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Optimizing multiplex SNP-based data analysis for genotyping of Mycobacterium tuberculosis isolates.

Sengstake S, Bablishvili N, Schuitema A, Bzekalava N, Abadia E, de Beer J, Tadumadze N, Akhalaia M, Tuin K, Tukvadze N, Aspindzelashvili R, Bachiyska E, Panaiotov S, Sola C, van Soolingen D, Klatser P, Anthony R, Bergval I - BMC Genomics (2014)

Bottom Line: The data generated were interpreted blindly and then compared to results obtained by reference methods.Based on excellent agreement with the reference methods we conclude that the new data analysis method performed well.All together this will facilitate the implementation of the MLPA assay in different settings.

View Article: PubMed Central - PubMed

Affiliation: KIT Biomedical Research, Royal Tropical Institute, Meibergdreef 39, 1105 AZ Amsterdam, The Netherlands. s.sengstake@kit.nl.

ABSTRACT

Background: Multiplex ligation-dependent probe amplification (MLPA) is a powerful tool to identify genomic polymorphisms. We have previously developed a single nucleotide polymorphism (SNP) and large sequence polymorphisms (LSP)-based MLPA assay using a read out on a liquid bead array to screen for 47 genetic markers in the Mycobacterium tuberculosis genome. In our assay we obtain information regarding the Mycobacterium tuberculosis lineage and drug resistance simultaneously. Previously we called the presence or absence of a genotypic marker based on a threshold signal level. Here we present a more elaborate data analysis method to standardize and streamline the interpretation of data generated by MLPA. The new data analysis method also identifies intermediate signals in addition to classification of signals as positive and negative. Intermediate calls can be informative with respect to identifying the simultaneous presence of sensitive and resistant alleles or infection with multiple different Mycobacterium tuberculosis strains.

Results: To validate our analysis method 100 DNA isolates of Mycobacterium tuberculosis extracted from cultured patient material collected at the National TB Reference Laboratory of the National Center for Tuberculosis and Lung Diseases in Tbilisi, Republic of Georgia were tested by MLPA. The data generated were interpreted blindly and then compared to results obtained by reference methods. MLPA profiles containing intermediate calls are flagged for expert review whereas the majority of profiles, not containing intermediate calls, were called automatically. No intermediate signals were identified in 74/100 isolates and in the remaining 26 isolates at least one genetic marker produced an intermediate signal.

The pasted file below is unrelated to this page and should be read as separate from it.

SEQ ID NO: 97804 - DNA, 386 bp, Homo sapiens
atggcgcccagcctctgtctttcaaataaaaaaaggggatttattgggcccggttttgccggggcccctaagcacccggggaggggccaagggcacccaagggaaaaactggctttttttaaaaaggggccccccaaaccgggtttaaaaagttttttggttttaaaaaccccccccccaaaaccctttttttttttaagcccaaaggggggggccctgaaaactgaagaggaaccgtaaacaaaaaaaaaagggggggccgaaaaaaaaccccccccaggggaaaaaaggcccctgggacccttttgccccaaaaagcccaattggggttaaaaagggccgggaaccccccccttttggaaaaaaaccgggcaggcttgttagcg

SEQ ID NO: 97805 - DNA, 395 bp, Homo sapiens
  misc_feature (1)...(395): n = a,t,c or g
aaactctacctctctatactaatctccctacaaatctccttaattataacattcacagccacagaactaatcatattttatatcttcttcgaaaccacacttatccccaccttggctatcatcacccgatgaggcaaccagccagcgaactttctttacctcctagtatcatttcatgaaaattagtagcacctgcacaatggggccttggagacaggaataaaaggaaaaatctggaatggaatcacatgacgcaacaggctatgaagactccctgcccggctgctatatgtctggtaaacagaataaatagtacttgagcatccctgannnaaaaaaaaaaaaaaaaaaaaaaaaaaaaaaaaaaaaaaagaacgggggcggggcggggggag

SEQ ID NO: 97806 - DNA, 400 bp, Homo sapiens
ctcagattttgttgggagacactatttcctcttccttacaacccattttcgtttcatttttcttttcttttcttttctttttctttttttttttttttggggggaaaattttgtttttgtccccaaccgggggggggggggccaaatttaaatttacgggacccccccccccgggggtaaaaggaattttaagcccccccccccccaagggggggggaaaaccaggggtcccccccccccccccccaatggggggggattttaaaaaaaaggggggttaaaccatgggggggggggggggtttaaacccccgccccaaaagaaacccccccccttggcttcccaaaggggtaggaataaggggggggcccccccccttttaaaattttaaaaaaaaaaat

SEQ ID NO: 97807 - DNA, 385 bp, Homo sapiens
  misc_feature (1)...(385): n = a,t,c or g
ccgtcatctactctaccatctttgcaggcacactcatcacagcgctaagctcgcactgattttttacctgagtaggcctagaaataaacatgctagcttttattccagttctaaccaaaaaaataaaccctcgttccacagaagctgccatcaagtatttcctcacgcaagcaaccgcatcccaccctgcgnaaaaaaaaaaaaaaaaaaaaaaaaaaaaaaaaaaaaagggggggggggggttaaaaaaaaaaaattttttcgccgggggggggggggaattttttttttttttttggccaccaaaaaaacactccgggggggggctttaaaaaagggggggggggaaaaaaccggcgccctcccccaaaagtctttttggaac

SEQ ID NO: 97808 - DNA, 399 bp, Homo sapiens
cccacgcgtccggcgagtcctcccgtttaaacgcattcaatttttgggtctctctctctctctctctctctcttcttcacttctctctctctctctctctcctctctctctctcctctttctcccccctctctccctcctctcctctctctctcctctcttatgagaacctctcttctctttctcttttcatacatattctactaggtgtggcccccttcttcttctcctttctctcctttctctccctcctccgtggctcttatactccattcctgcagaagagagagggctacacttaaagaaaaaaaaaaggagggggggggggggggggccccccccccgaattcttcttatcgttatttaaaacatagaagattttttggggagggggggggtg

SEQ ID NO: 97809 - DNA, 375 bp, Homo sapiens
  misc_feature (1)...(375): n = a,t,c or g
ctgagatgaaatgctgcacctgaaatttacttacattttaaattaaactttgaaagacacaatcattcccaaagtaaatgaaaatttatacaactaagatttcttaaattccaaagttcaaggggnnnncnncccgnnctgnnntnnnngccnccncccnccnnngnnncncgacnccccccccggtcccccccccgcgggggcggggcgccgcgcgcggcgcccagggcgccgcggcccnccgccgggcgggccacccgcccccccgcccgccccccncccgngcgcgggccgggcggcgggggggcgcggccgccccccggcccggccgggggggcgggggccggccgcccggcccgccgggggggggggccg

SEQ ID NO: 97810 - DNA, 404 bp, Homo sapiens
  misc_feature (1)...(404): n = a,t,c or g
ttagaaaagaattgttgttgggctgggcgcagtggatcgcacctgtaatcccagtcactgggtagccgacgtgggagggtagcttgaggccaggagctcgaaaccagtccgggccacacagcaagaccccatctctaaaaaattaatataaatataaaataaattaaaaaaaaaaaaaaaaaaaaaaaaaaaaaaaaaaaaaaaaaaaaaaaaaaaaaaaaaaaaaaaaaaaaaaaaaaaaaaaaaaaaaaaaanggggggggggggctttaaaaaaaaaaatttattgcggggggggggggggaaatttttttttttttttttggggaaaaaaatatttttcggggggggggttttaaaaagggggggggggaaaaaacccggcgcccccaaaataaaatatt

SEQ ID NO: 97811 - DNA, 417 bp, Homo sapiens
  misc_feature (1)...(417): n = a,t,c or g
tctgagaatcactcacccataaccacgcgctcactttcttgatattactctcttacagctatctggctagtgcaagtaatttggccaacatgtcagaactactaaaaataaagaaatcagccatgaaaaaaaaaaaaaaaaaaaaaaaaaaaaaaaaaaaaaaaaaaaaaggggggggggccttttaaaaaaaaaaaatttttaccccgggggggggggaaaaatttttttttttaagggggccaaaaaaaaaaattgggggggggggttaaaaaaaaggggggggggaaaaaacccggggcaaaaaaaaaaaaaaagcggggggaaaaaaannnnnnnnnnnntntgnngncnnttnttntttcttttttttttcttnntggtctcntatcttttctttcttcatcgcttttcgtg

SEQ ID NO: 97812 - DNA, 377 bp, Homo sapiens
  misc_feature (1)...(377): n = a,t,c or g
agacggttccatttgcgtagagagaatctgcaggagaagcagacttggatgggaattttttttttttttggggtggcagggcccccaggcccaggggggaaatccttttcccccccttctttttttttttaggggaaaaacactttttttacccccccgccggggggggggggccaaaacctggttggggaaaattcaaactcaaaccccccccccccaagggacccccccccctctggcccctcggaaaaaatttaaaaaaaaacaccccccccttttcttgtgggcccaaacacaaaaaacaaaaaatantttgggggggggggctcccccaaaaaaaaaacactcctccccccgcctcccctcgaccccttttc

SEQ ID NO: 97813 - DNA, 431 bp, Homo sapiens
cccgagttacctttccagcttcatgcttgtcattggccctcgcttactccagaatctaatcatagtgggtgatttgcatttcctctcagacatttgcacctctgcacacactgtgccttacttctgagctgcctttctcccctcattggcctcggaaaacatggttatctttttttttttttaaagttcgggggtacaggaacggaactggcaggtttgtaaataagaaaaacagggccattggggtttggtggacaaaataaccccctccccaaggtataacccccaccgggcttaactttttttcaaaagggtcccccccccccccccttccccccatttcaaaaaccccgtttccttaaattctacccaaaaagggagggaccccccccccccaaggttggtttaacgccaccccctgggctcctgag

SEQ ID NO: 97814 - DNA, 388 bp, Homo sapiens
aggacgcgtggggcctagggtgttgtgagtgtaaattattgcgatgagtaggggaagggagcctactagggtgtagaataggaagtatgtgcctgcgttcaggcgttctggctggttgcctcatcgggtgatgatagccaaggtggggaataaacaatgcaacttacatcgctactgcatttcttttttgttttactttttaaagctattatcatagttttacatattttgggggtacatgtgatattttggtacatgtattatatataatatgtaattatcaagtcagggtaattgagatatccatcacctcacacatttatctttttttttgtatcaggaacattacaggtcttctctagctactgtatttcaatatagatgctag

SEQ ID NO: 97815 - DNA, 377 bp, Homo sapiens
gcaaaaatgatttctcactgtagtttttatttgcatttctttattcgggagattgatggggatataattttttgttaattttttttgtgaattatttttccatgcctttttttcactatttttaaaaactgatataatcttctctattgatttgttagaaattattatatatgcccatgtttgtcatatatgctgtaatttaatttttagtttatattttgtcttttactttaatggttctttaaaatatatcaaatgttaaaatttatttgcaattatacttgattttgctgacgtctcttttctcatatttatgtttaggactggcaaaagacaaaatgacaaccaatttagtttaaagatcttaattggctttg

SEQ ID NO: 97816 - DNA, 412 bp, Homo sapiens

Conclusion: Based on excellent agreement with the reference methods we conclude that the new data analysis method performed well. The streamlined data processing and standardized data interpretation allows the comparison of the Mycobacterium tuberculosis MLPA results between different experiments. All together this will facilitate the implementation of the MLPA assay in different settings.

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Related in: MedlinePlus

Visualization of data generated from 100 Georgian isolates after data normalization and data correction. (A) Dot plot showing normalized and corrected MFI values (black dots) per isolate for all 4300 markers targeted in the 100 Georgian isolates. The grey area highlights 62 (1.4%) unclassifiable markers of which 24 are drug resistance markers. Markers located above this area are classified as positive (971, 22.6%) and below as negative (3267, 76%). (B) Same data as shown in (A) but only the intermediate values are shown and visualized per marker. Each line shows the distribution of normalized and corrected MFI values, sorted from lowest o highest, (black squares), for one marker (individual colors).
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Fig2: Visualization of data generated from 100 Georgian isolates after data normalization and data correction. (A) Dot plot showing normalized and corrected MFI values (black dots) per isolate for all 4300 markers targeted in the 100 Georgian isolates. The grey area highlights 62 (1.4%) unclassifiable markers of which 24 are drug resistance markers. Markers located above this area are classified as positive (971, 22.6%) and below as negative (3267, 76%). (B) Same data as shown in (A) but only the intermediate values are shown and visualized per marker. Each line shows the distribution of normalized and corrected MFI values, sorted from lowest o highest, (black squares), for one marker (individual colors).

Mentions: The principle of the new data analysis method and the calculation of the correction factors is described in detail in the Methods section and in Figure 1. The results obtained with the new data analysis method from DNA of cultured isolates from individual patient samples collected at the National TB Reference Laboratory in Tbilisi, Georgia is illustrated in Figure 2.Figure 1